[151] 3. The Eight Assemblies (parisā).

[NOTE: The discussion of Assemblies may have been occasioned by Sunakatta addressing the Vesali Assembly.] The Buddha has addressed six kinds of Assemblies. These are: Assemblies of (1) nobles, (2) brahmans, (3) householders, (4) recluses, (5) the retinue of the Four Great Regents, (6) the Thirty-Three [gods], (7) Mara's assembly, (8) Brahmas. This means that any category of beings be human or divine can form an assembly.

The Buddha then goes on to say that he himself had addressed hundreds of each of the assemblies mentioned. This may be to remind Sāriputta that in contrast to him Sunakatta had addressed only one assembly

[152] 4. The Four ways Beings are born.

There are four ways in which beings come to be born. There are: (1) from an egg, (2) from a womb, (3) from moisture, and (4) from spontaneous generation.  [NOTE: The first two methods of propagation could be established by common observation and are usually included under sexual reproduction. It is the other two methods that needs a special comment. It is a scientific fact that moisture does not produce life. But this was not known in ancient times. It was thought that insects, and other tiny forms of life observed in water are generated from moisture. So this kind of generation could be attributed to the scientific ignorance of the tim. Spontaneous generation is used to explain birth of beings in heavens and hells. It also applies to the origin of hungry ghosts (prethas) and demons in the terrestrial world. It is another problem facing the rebirth hypothesis. In fact it is because of the rebrith theory that the question of the modes of birth arise. Towards the conclusion of the discussion on spontaneous uprising the Buddha comments that those who unjustly defame him would end up in hell. Though no direct reference to Sunakatta is made this implication arises in the final words in this section.]

[153] 5. The Five Destinations (gatiya).

The five destinations of being given here are: (1) Hell, (2) The Animal realm, (3) ghosts, (4) Humans, and (5) gods. The Buddha claims that he knows the path leading to these destination and if anyone takes any of these paths the Buddha will know with his divine vision that after death he or she will be born in that particular destination. Lastly the Buddha says that he knows the path leading to Nibbāna. However he does not include Nibbāna as the sixth destination.

[154] After enumerating these destinations the Buddha gives in some more detail the nature of each of them. He does this by encompassing his mind with the mind of a person (cetasā ceto paricca pajānāmi) born into each of these destinations. Very graphic descriptions are given of those destined to Hell saying that a person reaching such a destination is like one cast into a pit of burning coals experiencing excruciating pain. The animal destination is compared to a man forced into a pit of stinking filth.. The pain experienced will be less than that of a Hell being.. In the realm of the ghosts the pain is less and the simile is made of an exhausted man having to take shelter under a tree with little foliage. The human destination is much better and the comparison is to that of a man seeking shelter under a tree with dense foliage. Finally the greatest pleasure is reserved to those born in a heavenly destination.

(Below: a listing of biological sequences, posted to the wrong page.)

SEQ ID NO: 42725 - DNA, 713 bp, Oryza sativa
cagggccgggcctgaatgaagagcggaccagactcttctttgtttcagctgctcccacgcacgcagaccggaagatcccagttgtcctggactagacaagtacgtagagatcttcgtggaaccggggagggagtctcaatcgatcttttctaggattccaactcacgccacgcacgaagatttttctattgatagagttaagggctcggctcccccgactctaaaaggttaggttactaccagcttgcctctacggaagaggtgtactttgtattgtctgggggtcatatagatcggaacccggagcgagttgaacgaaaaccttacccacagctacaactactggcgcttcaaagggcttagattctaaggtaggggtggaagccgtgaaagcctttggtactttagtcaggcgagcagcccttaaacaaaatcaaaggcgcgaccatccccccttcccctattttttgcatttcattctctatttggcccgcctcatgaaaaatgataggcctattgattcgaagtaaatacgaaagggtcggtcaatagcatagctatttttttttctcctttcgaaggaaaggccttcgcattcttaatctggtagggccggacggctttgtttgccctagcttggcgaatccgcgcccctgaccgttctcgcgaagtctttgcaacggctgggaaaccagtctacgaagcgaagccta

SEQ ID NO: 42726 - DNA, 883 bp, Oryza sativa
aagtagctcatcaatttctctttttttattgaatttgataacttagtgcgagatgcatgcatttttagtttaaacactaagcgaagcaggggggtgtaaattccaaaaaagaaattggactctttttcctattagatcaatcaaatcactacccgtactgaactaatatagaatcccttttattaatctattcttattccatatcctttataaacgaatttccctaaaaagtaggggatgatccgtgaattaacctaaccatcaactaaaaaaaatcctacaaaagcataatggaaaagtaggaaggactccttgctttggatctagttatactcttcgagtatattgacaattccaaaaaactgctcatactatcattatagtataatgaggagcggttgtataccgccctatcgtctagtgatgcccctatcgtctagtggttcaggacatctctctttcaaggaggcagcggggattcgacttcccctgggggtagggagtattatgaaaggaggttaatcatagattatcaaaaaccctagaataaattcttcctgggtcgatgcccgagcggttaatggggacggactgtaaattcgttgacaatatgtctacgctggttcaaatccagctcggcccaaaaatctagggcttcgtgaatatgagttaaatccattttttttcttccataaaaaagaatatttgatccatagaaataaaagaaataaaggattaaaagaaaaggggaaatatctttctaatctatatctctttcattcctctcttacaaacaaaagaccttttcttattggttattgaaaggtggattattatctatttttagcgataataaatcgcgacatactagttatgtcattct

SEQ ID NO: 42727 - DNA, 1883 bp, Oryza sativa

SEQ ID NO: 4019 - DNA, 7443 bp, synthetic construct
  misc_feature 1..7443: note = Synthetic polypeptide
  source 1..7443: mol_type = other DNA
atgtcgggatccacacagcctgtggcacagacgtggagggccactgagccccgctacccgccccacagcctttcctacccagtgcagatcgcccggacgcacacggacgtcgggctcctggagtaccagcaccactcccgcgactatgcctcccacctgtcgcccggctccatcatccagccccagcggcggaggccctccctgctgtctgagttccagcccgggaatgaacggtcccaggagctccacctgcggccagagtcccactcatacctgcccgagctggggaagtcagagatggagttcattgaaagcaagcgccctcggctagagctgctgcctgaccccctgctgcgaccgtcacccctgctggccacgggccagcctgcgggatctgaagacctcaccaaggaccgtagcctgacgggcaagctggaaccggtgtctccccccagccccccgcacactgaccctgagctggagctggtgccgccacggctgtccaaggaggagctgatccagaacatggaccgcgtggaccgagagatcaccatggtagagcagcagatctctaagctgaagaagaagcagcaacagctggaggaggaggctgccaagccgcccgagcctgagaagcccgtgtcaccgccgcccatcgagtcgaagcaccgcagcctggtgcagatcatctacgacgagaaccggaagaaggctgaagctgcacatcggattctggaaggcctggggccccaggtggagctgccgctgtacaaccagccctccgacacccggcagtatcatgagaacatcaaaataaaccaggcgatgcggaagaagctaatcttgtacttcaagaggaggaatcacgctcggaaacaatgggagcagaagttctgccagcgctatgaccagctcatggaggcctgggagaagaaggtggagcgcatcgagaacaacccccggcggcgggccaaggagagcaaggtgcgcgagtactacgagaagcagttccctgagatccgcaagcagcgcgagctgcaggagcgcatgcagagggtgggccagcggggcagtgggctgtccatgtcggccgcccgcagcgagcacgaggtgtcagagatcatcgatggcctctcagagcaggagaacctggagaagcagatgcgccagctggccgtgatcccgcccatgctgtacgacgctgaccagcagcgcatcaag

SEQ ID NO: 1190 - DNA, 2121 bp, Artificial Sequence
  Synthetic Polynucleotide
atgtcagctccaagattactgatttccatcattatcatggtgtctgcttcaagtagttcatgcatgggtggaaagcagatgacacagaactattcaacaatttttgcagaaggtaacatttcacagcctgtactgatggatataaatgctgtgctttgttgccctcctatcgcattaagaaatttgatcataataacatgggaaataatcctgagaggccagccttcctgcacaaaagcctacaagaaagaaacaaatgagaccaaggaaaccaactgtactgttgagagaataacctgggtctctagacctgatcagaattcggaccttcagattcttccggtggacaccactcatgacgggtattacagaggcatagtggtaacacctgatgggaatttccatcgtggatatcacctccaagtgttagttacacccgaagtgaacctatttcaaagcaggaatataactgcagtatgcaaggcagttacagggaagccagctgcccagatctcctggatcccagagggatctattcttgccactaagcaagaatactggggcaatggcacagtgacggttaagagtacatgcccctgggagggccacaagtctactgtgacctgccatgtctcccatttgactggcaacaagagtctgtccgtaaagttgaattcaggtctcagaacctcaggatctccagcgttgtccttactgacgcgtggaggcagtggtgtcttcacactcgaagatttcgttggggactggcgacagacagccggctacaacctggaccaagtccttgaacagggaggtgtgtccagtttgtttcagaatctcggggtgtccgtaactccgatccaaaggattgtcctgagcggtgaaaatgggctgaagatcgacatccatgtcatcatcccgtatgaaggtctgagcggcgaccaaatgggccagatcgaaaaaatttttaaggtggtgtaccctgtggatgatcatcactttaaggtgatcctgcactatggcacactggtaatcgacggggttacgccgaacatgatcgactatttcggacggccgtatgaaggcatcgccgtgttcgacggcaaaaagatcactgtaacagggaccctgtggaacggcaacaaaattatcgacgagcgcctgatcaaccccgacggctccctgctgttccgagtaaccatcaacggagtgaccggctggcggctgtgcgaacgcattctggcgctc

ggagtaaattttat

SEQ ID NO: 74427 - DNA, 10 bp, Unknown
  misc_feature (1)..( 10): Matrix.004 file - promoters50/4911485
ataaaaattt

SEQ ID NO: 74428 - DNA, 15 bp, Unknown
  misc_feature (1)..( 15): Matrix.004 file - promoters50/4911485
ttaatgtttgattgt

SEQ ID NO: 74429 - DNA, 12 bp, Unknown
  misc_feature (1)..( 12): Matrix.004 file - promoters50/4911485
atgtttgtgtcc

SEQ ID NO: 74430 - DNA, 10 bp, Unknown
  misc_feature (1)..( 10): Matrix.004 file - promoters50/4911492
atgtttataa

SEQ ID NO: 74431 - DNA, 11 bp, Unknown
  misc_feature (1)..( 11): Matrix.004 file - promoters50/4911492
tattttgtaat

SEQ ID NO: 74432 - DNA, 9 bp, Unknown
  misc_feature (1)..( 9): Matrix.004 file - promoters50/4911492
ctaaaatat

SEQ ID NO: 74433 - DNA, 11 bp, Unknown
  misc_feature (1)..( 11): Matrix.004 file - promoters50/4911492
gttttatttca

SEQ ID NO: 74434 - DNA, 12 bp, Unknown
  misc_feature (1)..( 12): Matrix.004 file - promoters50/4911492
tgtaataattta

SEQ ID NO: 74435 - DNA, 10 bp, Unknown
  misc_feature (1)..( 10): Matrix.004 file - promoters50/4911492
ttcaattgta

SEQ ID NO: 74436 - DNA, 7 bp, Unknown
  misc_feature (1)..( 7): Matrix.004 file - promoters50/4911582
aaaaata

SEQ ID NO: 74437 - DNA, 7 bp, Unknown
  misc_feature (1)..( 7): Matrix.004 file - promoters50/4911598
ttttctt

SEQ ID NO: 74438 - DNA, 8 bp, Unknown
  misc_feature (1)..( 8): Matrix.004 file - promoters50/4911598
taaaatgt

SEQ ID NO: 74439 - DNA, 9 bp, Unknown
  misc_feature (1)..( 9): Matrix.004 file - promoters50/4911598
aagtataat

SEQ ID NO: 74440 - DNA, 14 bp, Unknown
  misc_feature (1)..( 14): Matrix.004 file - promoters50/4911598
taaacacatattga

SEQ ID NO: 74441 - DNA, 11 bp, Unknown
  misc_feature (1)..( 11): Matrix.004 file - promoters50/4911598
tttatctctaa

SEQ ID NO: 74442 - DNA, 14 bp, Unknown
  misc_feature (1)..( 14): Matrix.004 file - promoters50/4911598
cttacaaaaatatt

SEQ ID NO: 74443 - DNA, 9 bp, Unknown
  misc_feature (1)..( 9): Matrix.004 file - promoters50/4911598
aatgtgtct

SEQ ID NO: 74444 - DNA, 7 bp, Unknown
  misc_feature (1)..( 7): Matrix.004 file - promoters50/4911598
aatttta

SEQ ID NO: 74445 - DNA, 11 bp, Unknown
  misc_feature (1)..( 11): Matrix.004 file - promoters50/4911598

There is also a description of a person who had reached Nibbāna, i.e. one beyond the five destinations reserved for non fully-enlightened beings. [But unfortunately this consists of the stereotyped passage about Nibbāna found in other places in the Canon.] This mentions a person having followed the Path who "by the destruction of the taints, enter and abide in the freedom of mind, the freedom through intuitive wisdom that are taint-less, having realised them here-now by his own super-knowledge (yathā āsavānaṃ khayā anāsaṃ cetovimuttiṃ paññāvimuttiṃ diṭṭheva dhamme sayaṃ abhiññā sacchikatvā upasampajja viharissatīti)". He is compared to a person who in a thick forest comes to a clear lotus pool enjoys the clear water and lies down "experiencing feeling that are exclusively pleasant (ekantasukhā vedanā vedayamānaṃ)". This would make Nibbāna to be a super heaven as is the way most Buddhists have conceived of it.